The recipe my Gram made most often was Garbage Cake. Hands down, it was my favourite. Oh, Dad and my uncle loved her oatmeal cookies–and to be fair, they were also fantastic. I hadn’t tasted anything remotely like them until we had oatcakes in Cape Breton Island last year. One bite took me to her kitchen, and I loved it so much I immediately sent a text to my older brother. It was probably the only text he got from me last year, so you can imagine it was a momentous occasion.
The cookies were amazing. What my heart longs for though, is Garbage Cake.
The premise of Garbage Cake is simple. Gram’s recipe calls for 2 cups graham wafer crumbs. If she didn’t have those, any collection of crumbs would do. Because Gram never wasted anything, old worn out crumbs were preferable. Stale cookies, crumbled dry cake, old crackers, and all the crumbs from the bottom of the cookie jar easily found their way into Garbage Cake before the graham crumbs even came out of the cupboard–unless, of course, they were also ancient and needing to be used up.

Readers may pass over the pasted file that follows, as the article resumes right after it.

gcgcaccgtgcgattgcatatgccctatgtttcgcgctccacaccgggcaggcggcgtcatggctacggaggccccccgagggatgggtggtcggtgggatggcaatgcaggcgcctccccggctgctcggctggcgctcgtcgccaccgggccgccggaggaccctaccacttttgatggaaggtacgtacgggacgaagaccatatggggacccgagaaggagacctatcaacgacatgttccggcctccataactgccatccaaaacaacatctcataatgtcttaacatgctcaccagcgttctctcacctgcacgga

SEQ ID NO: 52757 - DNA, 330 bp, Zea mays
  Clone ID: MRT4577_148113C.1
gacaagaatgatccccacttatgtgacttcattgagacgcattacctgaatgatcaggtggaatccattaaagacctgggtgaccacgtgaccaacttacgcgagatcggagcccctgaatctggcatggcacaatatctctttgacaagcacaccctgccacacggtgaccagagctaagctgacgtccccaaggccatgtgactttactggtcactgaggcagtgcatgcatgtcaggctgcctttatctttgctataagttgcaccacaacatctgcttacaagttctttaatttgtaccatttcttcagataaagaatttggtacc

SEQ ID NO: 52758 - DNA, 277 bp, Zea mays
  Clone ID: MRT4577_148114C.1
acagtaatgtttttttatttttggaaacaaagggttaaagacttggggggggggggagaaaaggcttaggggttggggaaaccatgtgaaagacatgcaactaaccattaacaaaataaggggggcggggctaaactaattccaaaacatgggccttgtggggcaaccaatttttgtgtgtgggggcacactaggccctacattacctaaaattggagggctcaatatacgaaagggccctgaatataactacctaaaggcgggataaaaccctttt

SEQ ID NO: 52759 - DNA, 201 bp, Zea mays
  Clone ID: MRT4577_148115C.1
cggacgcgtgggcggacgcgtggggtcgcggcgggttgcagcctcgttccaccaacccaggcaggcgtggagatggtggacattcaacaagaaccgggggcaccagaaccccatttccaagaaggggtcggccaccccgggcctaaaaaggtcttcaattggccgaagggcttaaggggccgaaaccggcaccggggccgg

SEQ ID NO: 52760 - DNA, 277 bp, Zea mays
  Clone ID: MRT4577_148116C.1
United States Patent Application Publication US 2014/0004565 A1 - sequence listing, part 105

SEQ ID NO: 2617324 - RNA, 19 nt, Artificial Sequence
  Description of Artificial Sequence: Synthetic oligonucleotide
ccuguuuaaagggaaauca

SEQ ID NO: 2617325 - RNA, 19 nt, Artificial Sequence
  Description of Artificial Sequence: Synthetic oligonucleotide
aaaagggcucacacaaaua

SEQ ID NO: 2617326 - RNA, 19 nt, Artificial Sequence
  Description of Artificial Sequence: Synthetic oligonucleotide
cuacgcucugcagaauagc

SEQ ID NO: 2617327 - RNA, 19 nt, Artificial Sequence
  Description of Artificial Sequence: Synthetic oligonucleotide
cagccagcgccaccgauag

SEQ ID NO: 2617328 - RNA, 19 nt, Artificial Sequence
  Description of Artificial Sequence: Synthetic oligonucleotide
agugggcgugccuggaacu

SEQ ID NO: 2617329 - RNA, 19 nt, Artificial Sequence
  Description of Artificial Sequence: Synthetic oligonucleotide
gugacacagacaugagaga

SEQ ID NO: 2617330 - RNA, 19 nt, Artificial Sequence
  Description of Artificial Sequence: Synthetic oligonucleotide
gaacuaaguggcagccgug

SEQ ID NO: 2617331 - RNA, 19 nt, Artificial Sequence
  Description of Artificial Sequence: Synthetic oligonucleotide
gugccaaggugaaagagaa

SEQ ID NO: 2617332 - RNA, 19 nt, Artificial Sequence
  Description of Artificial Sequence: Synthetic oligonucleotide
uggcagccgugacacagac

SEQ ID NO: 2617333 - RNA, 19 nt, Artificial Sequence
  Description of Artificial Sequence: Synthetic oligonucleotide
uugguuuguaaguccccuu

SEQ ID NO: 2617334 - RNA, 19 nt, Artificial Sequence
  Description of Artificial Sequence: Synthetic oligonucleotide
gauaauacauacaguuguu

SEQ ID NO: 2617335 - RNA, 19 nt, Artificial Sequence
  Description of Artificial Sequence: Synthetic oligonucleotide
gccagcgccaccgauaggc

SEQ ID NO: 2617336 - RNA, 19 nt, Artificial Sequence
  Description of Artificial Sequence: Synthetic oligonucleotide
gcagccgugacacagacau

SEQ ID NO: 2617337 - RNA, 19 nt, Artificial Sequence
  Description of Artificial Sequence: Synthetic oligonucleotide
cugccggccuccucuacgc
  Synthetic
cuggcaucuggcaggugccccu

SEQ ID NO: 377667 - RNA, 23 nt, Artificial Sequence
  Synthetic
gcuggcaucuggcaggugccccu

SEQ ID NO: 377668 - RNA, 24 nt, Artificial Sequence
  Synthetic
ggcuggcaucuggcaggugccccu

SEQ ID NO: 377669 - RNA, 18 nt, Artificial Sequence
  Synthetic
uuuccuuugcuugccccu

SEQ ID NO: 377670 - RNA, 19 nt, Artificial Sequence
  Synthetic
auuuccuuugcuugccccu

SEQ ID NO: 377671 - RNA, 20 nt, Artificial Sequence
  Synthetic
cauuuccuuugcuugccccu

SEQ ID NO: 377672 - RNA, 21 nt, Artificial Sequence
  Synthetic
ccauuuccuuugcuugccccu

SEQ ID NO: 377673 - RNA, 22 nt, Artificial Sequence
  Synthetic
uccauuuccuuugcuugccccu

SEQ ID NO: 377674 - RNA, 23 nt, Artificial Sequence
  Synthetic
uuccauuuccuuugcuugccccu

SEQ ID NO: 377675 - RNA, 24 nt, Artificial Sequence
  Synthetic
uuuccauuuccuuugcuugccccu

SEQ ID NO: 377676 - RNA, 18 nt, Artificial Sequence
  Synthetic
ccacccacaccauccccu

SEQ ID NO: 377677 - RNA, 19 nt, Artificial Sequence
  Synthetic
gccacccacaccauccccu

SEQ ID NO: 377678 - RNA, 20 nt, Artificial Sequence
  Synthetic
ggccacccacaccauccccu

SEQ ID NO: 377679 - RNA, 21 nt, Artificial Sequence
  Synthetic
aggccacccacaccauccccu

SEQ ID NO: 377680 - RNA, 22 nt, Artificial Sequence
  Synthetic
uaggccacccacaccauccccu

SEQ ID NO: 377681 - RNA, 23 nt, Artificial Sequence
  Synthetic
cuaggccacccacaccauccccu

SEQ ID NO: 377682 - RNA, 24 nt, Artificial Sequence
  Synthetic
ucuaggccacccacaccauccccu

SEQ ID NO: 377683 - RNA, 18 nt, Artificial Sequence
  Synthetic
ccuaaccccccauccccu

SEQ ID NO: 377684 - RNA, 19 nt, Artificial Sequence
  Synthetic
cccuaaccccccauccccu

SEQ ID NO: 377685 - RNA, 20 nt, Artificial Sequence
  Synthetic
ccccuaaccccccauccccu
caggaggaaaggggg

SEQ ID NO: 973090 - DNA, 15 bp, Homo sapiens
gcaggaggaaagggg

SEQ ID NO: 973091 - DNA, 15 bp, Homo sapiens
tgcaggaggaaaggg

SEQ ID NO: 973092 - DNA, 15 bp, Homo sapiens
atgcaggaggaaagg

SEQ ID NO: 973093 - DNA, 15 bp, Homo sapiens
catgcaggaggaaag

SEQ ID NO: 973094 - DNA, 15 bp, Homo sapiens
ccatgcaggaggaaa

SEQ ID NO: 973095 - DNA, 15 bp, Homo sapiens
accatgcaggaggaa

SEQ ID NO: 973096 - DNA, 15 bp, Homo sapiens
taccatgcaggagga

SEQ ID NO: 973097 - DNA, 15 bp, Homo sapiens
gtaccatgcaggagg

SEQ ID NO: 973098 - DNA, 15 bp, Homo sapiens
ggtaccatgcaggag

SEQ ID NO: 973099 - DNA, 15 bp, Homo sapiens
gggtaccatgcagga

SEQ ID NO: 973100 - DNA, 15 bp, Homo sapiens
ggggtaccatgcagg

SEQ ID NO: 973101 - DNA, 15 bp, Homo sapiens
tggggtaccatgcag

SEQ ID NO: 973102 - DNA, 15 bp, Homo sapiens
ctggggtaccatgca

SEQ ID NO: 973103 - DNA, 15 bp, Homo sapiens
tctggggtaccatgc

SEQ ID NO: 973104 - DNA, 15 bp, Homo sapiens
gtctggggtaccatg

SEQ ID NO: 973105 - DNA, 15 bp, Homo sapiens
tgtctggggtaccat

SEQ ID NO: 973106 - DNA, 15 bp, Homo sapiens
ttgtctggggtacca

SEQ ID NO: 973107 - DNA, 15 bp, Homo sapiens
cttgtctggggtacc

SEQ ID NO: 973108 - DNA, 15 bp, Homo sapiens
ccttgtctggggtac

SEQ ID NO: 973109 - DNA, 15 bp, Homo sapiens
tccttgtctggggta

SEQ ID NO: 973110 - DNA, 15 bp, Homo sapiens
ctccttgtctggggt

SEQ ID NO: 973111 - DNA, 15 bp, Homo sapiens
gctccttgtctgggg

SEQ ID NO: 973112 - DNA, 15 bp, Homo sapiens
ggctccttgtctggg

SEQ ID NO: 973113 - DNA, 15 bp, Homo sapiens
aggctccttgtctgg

Gram would take the oldest remnants, the pieces that had seen better days, the scraps that were past their best-before dates and transform them into something special. To many people, it was a simple bar cookie with a browned butter icing. To me it was a regular bit of kitchen magic that became one of her best life lessons.
With her gentle, and sometimes firm hand, Gram loved something I would have thrown out and turned it into something so special I dream about it, and long for it on my worst days.
How many people could be transformed if they were handled with a love like that? Click To Tweet
Do you ever wonder, like I do, how many other things–how many people– could be transformed exactly the same way if they were only handled with a love like that?